What is missing from this article is the reason the remaining cases were dropped. It was because Sebeilius and her minions got their hands on these records and then had them destroyed. Of course, there were no charges brought for destroying evidence. Additionally, everybody seems to care about the right to obtain an abortion remaining unobstructed but nobody cares that these abortion providers were performing abortions on girls under the age of 14 a lot of the time. No reporting was made to authorities, as required by law, that would enable an investigation into child abuse or rape.

You scream about priests sexually abusing teenage boys, as is right. You care nothing about the young girls that are raped by a care provider or guardian simply because it involves the ability to obtain an abortion. By allowing this behavior, you give these pedophiles cover and enable them every step of the way. This is what Kline was investigating. Would it have shut down these providers? Maybe, but we'll never know because records were later destroyed.

ebyrdstarr 2 years, 1 month ago

If Dr. Tiller's clinic was failing to report sexual abuse of girls as required by law, then why wasn't he ever charged with anything like that? He wasn't charged because he wasn't failing to report anything. (Here's a hint: by the time a girl 14 or under was brought to his clinic for a late-term abortion, there was no need to report because, duh, the fact of the child's pregnancy, and thus the fact of the sexual abuse, was already known to the authorities. Often, it was the prosecutor who referred the girl's family to the clinic!)

rtwngr 2 years, 1 month ago

One more thought. Destroying evidence to provide political cover is no different than framing and innocent person with false evidence in order to send them to jail. Justice is not served in either example. Justice is served when truth has the opportunity to be presented in a public forum. What if prosecutors destroyed DNA evidence that would exonerate a convicted person? Is that justice?

Cait McKnelly 2 years, 1 month ago

No "evidence" was destroyed that wasn't done so by a state agency in compliance with state law.

blindrabbit 2 years, 1 month ago

Bull manure: Kline was digging into the abortion records for no other reason than to try to provide evidence as a means of closing down abortion providers. He used the cover as rtwngr professes (to protect young girls from rapes from care providers and guardians) which is a valid reason but not his real agenda. Klien held hostage victims, parents, the legal profession and providers by threatening to release the names of these abused youths, regardless of the reason for the abortion procedure. That the records were ultimately destroyed is unfortunate, but given the shady character of Klien it was probably good in the long run. Fortunately, the Stae of Kansas will soon be rid of ths clown. His motivation was a blind acceptance of the dogma of the Catholic Church and it's staid stand on denying the right of women to control their own bodies.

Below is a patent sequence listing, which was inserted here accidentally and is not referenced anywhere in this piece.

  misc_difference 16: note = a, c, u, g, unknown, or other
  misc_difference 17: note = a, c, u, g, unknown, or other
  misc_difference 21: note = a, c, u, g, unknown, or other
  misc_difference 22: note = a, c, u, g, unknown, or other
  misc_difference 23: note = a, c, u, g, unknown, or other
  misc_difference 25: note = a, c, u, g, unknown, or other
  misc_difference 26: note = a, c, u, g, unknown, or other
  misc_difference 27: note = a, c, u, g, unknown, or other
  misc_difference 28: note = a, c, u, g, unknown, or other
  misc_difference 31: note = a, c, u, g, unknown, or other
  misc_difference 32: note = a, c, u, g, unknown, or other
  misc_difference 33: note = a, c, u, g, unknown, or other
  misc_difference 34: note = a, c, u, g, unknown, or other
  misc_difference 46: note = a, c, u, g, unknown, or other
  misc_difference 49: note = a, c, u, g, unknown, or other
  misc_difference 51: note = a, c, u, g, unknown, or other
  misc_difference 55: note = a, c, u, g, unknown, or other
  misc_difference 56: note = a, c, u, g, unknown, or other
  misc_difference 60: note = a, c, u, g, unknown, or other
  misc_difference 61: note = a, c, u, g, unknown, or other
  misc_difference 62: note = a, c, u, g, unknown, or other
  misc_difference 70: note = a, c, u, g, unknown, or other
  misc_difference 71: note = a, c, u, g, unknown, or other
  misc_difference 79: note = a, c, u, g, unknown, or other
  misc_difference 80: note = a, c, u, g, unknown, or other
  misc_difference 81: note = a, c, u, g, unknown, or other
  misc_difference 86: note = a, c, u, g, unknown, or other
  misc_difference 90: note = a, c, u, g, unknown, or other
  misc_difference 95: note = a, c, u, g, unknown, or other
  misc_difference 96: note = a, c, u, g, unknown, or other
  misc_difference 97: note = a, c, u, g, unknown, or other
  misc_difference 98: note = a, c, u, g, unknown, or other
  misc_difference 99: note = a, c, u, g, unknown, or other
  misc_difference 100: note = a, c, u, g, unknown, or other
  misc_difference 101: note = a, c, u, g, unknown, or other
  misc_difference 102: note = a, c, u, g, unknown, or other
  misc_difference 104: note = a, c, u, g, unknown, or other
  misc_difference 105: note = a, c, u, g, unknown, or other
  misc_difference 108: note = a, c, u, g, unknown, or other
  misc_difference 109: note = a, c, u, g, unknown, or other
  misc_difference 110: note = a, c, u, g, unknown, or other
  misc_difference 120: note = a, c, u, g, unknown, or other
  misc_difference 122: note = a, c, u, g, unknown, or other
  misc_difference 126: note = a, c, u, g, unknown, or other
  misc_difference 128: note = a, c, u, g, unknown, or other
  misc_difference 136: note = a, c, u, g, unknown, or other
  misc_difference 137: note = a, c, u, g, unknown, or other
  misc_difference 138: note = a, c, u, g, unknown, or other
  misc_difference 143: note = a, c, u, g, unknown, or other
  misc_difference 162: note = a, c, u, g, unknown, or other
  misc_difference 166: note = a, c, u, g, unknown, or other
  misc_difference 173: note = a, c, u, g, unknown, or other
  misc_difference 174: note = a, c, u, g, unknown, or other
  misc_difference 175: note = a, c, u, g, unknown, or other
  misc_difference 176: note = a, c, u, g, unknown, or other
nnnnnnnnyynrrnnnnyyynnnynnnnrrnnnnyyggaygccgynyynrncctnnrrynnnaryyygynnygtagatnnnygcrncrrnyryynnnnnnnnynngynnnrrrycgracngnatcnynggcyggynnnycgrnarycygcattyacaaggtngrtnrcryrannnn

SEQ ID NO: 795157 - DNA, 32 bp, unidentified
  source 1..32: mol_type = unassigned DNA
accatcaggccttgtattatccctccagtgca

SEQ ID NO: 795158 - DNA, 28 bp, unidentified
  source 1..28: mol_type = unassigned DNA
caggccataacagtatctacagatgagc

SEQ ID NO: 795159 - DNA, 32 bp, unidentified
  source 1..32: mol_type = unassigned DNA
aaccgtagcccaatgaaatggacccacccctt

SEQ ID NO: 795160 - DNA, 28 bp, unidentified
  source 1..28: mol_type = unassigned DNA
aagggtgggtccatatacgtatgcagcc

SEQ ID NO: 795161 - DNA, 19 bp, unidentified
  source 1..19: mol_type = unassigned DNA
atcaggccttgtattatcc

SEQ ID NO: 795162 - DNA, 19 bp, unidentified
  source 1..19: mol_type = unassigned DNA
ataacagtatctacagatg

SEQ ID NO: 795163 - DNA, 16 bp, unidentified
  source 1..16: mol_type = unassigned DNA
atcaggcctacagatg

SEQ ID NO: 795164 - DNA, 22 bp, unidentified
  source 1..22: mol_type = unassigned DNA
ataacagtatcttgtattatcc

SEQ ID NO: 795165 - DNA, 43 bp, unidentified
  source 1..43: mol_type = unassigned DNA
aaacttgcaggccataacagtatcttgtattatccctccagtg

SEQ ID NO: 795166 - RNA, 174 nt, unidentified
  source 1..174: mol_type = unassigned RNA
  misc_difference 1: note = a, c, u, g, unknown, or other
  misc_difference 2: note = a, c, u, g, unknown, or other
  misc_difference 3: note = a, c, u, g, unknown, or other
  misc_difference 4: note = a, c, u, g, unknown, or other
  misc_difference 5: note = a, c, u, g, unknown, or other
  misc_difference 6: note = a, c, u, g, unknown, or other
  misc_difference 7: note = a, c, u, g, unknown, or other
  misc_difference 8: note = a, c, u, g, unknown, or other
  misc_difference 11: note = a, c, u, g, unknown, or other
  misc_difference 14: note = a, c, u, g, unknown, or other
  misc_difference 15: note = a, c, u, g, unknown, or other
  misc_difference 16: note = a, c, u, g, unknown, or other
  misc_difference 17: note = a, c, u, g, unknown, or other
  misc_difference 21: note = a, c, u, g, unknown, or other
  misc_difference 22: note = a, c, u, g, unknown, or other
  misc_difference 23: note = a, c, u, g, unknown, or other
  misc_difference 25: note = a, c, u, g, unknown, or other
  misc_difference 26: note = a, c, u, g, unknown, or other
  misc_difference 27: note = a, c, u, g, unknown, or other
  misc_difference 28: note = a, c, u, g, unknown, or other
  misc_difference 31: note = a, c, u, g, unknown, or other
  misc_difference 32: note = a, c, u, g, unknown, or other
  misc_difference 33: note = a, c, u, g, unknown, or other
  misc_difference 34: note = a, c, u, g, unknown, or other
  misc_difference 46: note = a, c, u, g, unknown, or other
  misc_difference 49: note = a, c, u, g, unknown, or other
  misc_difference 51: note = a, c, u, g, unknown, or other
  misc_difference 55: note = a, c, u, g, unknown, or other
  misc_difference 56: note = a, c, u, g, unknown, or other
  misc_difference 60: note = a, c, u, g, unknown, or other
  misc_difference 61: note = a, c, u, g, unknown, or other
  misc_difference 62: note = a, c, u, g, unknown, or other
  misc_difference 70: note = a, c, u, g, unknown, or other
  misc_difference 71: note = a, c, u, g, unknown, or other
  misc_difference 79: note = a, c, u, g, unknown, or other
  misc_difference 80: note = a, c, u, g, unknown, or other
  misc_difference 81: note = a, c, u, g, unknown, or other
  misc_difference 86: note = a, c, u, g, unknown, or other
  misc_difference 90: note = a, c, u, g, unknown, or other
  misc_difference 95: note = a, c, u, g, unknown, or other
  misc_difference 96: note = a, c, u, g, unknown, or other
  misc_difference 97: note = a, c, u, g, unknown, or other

Doubt his character; all you neefd to review is his performance and retribution against professional employees once he became Johnson County D.A. after being tossed out of Topeka!

just_another_bozo_on_this_bus 2 years, 1 month ago

The only "evidence" that records were destroyed in some sort of coverup exists only in the rightwing wackosphere, where facts are manufactured as necessary.

Here's a real, factual account of the dismissal of the lawsuit--

http://www.kansascity.com/2011/11/09/3256411/kansas-judge-dismisses-felony.html

Fred Whitehead Jr. 2 years, 1 month ago

News Flash!!!! The Supreme Court will decide the punishment for Kline.

He has been busted!

About damn time!

Cait McKnelly 2 years, 1 month ago

By the way, a couple of things to note.
1. The actual recommendation by the disciplinary board (i.e. Stan Hazlett) was not disbarment, it was permanent suspension of Kline's license. This is actually MORE devastating than disbarment as, according to Kansas law, a disbarred attorney can be "rehabilitated" and the license regranted. It's rare and very difficult to do but it HAS been done and is possible. Permanent suspension means just that; the person will never, ever practice law in the state again.
2. Given that Kline has now been a "visiting professor" at Miskatonic U. (oh, excuse me, LIBERTY U.) for over three years, one wonders just how long someone can "visit". I guess it depends on how long the school's administration wants to protect you and keep you on the payroll, huh?

Coles_Law 2 years, 1 month ago

On your second post, many schools use the term "visiting professor" to describe a non-tenure track position while giving the employee a title with more prestige than "contract lecturer". (KU does not do this, and visiting professors are limited to two years here).

Cait McKnelly 2 years, 1 month ago

I'd like to go into the matter of Sterlite containers filled with abortion records sitting on his dining room table at home. I'd also like to go into the accusation by members of his own office staff that he copied abortion records and shipped them to Lynchburg, VA when he went to Liberty U. I would also like to go into the matter of just HOW Cheryl Sullenger ended up with the records on which she made her initial accusation against Kristin Neuhaus. (Although, if he was willing to show them to Bill O'Reilly and let him wave them around like a Spanish fan, I'm sure he had no problem handing them over to Operation Rescue.)
Something smells rotten in Denmark and it's not stinky fish.

Claudean McKellips 2 years, 1 month ago

How much money have the Kline violations of HIPPA and other shenanigans cost the state of Kansas? Kline belongs in prison for what he did to those women.